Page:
content management package that Andy manages will be part of that. These do not have to be Oracle-branded products; they are pretty agnostic about that. But Oracle is doing its best to acquire the best-of-breed and bring those apps into its fold. The term for integrating these applications right now is “hot-pluggable”—no matter what your business need is, find the solution you like and you can “plug it into” the Oracle middleware solution in a mix-and-match fashion. The agnosticism extends all the way up and down the rack; you can be a SQL Server database shop, and use Oracle Fusion Middleware. You can have an IBM or BEA application server; same story, even though Oracle provides a perfectly good application server.
It’s not a new concept, I suggested. “Maybe not, but it’s an important message,” insisted Andy. “And it’s a hard message to get across from a company that’s a leader in a market. Everybody thinks you’re trying to drive business your way. But, for instance, we will continue to have customers who have no other Oracle software, but are still Oracle ECM customers.”
The official Fusion development is still a little ways in the future, but reportedly on track. But even prior to that, customers can “plug into” the sort of middle layer that Andy told me about. You can do it now, as a matter of fact. But what, I asked Andy, is left to add? With JD Edwards, PeopleSoft, Siebel and now Stellent ECM already on board...what’s left to conquer? Andy laughed. “I think we were one of the big missing pieces,” he said. “If you look at the stack, we have the grid infrastructure, the application server, business intelligence, content management, identity management, system management, development tools, the whole UI layer that includes WebCenter, portals... even voice-over-IP... it’s a pretty comprehensive stack!”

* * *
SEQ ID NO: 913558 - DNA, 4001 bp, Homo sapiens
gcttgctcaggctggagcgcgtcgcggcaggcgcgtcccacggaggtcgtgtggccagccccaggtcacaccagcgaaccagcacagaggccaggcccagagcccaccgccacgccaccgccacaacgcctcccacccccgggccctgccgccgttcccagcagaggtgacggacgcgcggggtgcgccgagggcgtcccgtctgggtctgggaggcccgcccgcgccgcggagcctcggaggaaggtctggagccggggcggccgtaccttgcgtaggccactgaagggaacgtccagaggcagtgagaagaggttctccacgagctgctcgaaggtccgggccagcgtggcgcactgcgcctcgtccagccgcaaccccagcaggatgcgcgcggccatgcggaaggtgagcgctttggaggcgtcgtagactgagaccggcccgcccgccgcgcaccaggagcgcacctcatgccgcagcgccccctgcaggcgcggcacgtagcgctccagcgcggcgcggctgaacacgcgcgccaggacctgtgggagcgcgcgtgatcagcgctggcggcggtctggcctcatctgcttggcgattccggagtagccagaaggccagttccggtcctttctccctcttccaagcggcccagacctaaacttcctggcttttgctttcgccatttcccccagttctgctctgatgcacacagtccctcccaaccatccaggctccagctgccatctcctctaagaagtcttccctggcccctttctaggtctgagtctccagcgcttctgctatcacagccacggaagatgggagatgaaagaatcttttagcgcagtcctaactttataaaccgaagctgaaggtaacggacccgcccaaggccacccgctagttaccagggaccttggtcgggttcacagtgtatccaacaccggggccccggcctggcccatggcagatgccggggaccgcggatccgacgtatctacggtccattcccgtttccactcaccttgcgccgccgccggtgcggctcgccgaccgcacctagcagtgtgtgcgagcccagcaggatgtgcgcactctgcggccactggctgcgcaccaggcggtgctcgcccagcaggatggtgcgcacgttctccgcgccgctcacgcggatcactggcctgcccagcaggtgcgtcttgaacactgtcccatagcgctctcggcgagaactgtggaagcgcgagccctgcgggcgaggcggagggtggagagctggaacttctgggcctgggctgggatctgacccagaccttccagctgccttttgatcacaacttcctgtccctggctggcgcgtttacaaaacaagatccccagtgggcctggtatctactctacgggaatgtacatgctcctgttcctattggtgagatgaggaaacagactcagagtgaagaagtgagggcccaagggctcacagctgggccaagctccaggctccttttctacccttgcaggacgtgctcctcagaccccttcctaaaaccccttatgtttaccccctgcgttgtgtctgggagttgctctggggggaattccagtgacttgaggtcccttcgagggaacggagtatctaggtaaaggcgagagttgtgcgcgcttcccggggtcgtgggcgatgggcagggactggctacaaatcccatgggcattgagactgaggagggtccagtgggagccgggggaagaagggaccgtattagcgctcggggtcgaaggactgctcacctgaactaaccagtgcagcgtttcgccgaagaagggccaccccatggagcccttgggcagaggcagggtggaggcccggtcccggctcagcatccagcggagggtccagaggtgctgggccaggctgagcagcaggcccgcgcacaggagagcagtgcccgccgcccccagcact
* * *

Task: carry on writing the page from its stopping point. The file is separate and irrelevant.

OK. Enough about the value of the solution...what about the inherent value of the content itself? Is there an acknow-
ledgement that content has value for an organization? If not, I suppose we should just take down the tents and go home. “Oh, yes,” Andy concludes. “We’re definitely seeing more of that. That message is out there, and people recognize the knowledge management aspect of the value of content. We’re seeing it in lots of ways—in broad ECM initiatives, in records and retention management...people are recognizing the value of information.
“Fifteen years ago people were talking about ‘getting information at your fingertips,’” Andy reminded me, adding that “the result was an information glut. Now, we want the right information at our fingertips. People recognize that intellectual property is strategic, and mindshare is a valuable part of business. There are CIOs from manufacturing companies coming to us who understand that they support a workforce of white-collar employees who don’t work on the manufacturing line; they are marketers or in R&D or positioning and strategy. And all the work they are doing uses unstructured content. Those customers are now coming to us already knowing this. And that’s very exciting,” said Andy.
I couldn’t agree more.